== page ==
Each election cycle we are presented with the same dilemma; who should I vote for? We compare each candidates stance on issues with our own and we make the decision as to whether we will vote for candidate A or B.
But lets take a moment and examine this. We know that a politician can only be elected if they sway enough voters their way. I live in Maine. Maine has three political parties. Republicans, Democrats and Greens. None of these parties have a clear majority.
When running for office a politician’s first task is to secure his/her party base. Then he/she starts to concentrate on swing voters. Swing voters (independents) may or may not agree on all issues in regards to party stance. Therefor it is necessary for a politician to shift his/her principles enough to attract independents or voters from the opposite party. In a three-way race a politician needs 35 % or more of the vote. In a two-way race 51%. Republicans and Democrats in Maine each have roughly a 30% voter enrollment. Democrats have a slight advantage.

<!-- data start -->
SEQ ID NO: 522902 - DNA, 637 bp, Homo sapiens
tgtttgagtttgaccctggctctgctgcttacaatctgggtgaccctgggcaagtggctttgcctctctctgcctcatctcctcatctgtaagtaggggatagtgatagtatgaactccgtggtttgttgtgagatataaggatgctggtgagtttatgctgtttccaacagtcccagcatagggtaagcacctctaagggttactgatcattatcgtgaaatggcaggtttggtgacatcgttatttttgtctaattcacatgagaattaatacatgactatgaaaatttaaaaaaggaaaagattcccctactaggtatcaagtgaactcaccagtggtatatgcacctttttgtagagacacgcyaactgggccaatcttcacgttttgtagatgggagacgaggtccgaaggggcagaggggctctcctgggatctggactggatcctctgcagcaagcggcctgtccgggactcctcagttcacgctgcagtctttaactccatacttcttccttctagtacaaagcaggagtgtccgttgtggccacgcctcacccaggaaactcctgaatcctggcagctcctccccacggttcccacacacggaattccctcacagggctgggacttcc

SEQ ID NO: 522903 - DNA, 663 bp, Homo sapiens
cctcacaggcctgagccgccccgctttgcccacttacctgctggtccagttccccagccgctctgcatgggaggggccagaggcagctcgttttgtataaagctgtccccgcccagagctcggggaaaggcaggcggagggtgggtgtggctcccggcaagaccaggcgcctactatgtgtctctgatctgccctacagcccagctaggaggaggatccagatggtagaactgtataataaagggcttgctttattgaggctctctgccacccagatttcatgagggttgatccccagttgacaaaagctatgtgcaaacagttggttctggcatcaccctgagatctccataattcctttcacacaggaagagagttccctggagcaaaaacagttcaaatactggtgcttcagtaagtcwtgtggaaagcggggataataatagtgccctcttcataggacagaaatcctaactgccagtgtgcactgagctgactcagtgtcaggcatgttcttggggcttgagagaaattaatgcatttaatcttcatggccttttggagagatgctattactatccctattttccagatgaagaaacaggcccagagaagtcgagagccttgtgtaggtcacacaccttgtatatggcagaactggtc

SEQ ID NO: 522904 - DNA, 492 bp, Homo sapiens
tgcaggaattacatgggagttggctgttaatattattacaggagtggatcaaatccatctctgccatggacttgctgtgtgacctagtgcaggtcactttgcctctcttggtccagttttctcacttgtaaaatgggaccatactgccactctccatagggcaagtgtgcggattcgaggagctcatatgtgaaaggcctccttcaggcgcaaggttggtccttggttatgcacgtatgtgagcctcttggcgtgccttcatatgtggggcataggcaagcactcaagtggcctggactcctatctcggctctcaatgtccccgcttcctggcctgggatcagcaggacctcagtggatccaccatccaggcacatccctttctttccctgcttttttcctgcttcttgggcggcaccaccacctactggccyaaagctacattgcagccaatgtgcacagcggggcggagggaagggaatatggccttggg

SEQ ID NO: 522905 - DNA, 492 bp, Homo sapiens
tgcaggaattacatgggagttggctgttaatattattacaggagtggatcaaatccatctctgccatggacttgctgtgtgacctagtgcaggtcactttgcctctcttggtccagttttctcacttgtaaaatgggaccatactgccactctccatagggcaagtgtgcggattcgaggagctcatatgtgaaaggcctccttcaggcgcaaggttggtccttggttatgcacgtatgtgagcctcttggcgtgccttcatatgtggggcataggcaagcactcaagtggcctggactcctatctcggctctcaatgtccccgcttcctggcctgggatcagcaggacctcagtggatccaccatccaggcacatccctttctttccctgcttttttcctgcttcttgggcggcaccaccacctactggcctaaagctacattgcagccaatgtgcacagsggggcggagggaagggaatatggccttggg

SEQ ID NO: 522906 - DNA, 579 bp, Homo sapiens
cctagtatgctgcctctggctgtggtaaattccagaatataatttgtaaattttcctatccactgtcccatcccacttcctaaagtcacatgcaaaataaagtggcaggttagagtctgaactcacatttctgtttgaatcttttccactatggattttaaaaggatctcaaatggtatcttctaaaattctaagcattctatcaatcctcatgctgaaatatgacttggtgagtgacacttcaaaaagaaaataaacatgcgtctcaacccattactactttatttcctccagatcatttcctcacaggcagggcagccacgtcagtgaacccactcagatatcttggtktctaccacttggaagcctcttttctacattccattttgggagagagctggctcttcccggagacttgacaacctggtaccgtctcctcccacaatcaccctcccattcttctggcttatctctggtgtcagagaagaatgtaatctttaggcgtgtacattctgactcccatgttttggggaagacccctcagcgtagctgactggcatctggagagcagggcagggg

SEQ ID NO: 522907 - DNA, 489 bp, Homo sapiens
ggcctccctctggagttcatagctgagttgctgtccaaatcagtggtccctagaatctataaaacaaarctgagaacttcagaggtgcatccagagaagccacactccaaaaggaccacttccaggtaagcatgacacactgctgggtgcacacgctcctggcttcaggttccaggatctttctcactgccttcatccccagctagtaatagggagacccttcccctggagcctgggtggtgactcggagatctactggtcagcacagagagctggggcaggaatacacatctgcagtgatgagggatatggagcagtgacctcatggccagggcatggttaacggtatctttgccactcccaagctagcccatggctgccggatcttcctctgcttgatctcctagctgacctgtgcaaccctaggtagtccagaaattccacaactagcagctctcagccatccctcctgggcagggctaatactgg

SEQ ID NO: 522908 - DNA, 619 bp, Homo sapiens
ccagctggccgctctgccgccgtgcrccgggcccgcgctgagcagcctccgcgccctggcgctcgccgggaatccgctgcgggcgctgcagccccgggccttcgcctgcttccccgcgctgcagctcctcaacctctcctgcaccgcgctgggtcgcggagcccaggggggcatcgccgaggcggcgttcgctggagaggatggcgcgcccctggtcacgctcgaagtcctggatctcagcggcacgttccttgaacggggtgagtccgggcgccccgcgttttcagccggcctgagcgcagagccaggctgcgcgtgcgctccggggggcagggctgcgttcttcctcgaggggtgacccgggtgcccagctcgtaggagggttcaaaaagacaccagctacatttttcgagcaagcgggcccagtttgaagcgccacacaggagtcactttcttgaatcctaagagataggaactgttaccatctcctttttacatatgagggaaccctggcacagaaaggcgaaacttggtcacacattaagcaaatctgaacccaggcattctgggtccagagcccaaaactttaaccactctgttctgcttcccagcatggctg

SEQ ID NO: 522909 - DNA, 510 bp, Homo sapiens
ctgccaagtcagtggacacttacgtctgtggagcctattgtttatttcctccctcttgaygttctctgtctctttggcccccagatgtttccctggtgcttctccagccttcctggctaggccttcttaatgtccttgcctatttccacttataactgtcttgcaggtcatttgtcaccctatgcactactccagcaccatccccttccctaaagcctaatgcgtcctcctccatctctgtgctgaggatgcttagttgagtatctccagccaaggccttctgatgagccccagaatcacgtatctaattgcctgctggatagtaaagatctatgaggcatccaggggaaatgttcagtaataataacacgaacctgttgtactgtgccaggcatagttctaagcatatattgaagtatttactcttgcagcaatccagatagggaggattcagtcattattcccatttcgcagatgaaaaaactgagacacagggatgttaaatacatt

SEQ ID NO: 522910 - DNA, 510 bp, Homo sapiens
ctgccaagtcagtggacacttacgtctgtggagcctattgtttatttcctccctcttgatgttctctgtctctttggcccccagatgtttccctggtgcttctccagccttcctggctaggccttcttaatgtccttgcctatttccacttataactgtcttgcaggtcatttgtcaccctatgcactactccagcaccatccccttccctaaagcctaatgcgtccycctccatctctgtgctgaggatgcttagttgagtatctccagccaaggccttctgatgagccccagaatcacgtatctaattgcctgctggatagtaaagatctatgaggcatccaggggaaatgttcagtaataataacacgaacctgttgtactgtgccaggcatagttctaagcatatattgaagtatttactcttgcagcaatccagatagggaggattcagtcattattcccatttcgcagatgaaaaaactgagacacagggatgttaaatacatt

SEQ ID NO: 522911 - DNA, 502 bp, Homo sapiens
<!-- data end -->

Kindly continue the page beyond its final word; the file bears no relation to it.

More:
How About a Third Party?
If you are leaning towards starting a third-party, then good luck. First the two parties have the rules locked down to make it very difficult to start a third-party and then keep party status. Not to mention you are once again stuck in the same paradigm of trying to attract swing votes.
Stop Being Taken for Granted.
Lets simply eliminate the party system. Take away the party’s ability to control the agenda and the ballot, and you open the electorate to a host of new ideas, possibilities and choices. And guess what, because party enrollment is so small, it’s really not that hard to have either party lose its party status. Both sides are seeing a decline in enrollment.
Stop being taken for granted. Enroll as an independent, encourage our friends to drop out and force politicians to earn our vote. There is a reason why un-enrolled voters are called independents. Think about it.